Noted @ World Maker Faire 2018

A handful of highlights from Make: magazine’s annual craft, creativity, and technology event.

I spent a few hours this weekend at World Maker Faire at the New York Hall of Science. I’ve never been to a Make: magazine event before, and I was surprised by both its enormity and diversity, encompassing everything from fabric crafts to blacksmithing, robot battles to tiny homes, and cosplay to 3D-printed chocolate.

Inevitably, a few hours wasn’t enough to see everything in-depth, but here are a few items that caught my interest at the event:

Palette 2

Palette 2In the fair’s “3D Printer Village,” I was intrigued by the boldly colored prints on display at the Mosaic booth; these were in fact created using Palette, a new kind of device that enables multi-material 3D printing on desktop devices. Palette is a material ‘splicer’ – multiple threads of plastic feed into the device, which merges them together into a single, multi-colored filament; when synchronized with a 3D printer, this enables prints to use up to 4 colors or materials, seamlessly integrated without the need for multiple extrusion heads. It doesn’t seem like it should work – yet the results I saw were truly stunning.

Fat Cat Sampleator

SampleatorFat Cat Fab Lab presented this tactile, kinetic installation that sits somewhere between a music box and a drum sequencer. Users fit wooden pegs of different colors and sizes onto a giant plywood disc. When the wheel is spun, music is generated, its rhythms based on the peg pattern and its tempo matching the speed of the spin. With a little safety proofing, the Sampleator could make a great science center or children’s museum experience.


5AXISMAKERBritish firm 5AxisWorks presented their first-of-its-kind product, a desktop device that combines CNC routing and 3D printing with five-axis tooling. Using subtractive manufacturing, the additional rotation axis lets this device mill extremely complex forms out of solid objects, and its compact scale makes a good fit for smaller workspaces. CNC technology is far outside my area of expertise, but I’m intrigued by its potential to build complex physical interfaces.

The Looking Glass

The Looking GlassLooking Glass Factory showed off their latest volumetric display, known simply as The Looking Glass. Using a small display with a lenticular filter behind a block of lucite, the device presents ‘holographic’ 3D content without requiring visitors to use glasses; the images are small but look magical. I’ve invested in a few of the company’s Kickstarter campaigns in the past, with mixed results. I’ll get the chance to test drive The Looking Glass when mine arrives later this year, but for the time being I’m excited by its possibilities.


PXLWahila Creative‘s PXL project is built around a set of large cubes, a bit more than a foot in each dimension, with embedded color-changing LED lights. The cubes can be arranged in a variety of configurations, and users can customize and interact with the colors using a mobile app. The tech here is not new, but I was impressed with the visual impact of the stacks of cubes and their potential for play-based exhibits. Currently positioned as an event rental only, I hope Wahila can find ways to build more meaningful experiences with PXL.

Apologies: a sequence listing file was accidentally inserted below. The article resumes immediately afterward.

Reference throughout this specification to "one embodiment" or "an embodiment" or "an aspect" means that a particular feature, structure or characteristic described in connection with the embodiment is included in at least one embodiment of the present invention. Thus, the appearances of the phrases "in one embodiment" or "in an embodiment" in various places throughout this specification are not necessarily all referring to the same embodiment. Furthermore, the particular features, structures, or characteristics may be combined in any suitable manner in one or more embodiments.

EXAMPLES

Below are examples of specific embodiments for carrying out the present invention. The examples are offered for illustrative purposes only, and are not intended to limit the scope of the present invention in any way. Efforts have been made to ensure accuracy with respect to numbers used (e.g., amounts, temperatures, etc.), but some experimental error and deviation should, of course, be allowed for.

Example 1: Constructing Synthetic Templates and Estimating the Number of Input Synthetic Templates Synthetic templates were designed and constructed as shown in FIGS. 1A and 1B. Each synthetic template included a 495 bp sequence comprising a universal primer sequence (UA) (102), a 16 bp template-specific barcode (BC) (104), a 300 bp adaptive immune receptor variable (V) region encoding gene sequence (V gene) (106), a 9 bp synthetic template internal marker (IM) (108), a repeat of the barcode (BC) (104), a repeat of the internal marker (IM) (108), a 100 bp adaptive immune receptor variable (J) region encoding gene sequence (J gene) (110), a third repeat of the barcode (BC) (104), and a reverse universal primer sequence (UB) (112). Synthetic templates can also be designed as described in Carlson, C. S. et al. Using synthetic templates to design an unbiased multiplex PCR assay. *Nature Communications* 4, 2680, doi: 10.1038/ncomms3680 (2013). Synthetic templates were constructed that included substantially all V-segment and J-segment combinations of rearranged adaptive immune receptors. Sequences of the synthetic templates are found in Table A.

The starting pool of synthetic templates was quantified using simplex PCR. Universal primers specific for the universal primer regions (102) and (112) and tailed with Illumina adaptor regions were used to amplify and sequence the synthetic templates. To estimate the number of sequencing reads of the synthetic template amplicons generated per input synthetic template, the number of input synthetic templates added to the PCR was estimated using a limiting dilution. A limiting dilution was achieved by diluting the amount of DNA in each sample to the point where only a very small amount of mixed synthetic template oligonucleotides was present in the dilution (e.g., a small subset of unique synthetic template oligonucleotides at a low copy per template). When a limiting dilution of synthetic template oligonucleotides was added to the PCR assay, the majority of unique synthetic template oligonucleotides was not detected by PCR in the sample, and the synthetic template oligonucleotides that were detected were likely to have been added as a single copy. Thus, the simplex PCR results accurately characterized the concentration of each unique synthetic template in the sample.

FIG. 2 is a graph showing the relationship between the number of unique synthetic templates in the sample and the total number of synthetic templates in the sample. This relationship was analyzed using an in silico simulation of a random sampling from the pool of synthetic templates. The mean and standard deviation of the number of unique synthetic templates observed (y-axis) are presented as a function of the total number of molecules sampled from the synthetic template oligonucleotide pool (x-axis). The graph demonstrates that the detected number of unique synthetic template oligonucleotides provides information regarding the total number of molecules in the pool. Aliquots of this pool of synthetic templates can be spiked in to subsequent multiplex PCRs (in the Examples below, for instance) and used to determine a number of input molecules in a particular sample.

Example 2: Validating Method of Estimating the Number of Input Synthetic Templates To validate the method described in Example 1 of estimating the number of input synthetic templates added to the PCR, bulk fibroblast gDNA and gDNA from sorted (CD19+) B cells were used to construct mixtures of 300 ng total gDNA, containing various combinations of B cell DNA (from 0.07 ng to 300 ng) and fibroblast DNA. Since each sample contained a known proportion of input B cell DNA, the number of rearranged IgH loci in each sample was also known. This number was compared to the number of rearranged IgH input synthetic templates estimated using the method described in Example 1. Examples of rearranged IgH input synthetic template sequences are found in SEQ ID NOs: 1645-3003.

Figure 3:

Digital Apple

Digital AppleOne of the most striking installations in the ‘darkroom’ gallery at NYSCI, Digital Apple was comprised of three small cubes hanging from an abstracted ‘tree’ structure. Each cube featured low-resolution LED arrays on each facet, presenting images of a single apple on a tree branch; the cubes reacted to touch, turning on and off in response to visitor interaction. Created by Young Bum Kim, Dequing Sun, Yumi Nakamura, and Peiqu Su, the artwork’s visual presence and form factor was immediately appealing, though its ‘garden of eden’ concept seemed a bit underdeveloped to me.

Sonic Moonbeam

Sonic MoonbeamAnother artwork in the darkroom gallery, Balam Soto‘s Sonic Moonbeam, consisted of a triangular wooden arch with rows of small clear cubes on each side; when activated by touch, the device generates sound and dazzling projected imagery. The installation’s particle effects and sonic output were simple but elegant, and while the artwork may not ‘mean’ anything (or even purport to), its craftsmanship made it a small-scale spectacle.


BlinksBlinks is a Kickstarter-funded game system comprised of small hexagonal ‘smart’ blocks that can be snapped together in multiple configurations using embedded magnets. Each Blink incorporates six multicolor LEDs, a push-button, and the ability to communicate with adjacent blocks. The combination of technologies in the small form factor makes for a wide range of gaming possibilities, from strategy to puzzles to simple action games, and their elegant appearance make them well suited to artistic creations as well.

There was much more to see, of course, from the popsickle-licking kinetic sculpture to the giant, automobile-destroying mechanical hand. At the onset of my visit, I wondered a bit about the purpose of Maker Faire, but after a little exploration, I concluded that it didn’t need a purpose; the massive variety of things to see and do truly provided ‘something for everyone’ – myself included.

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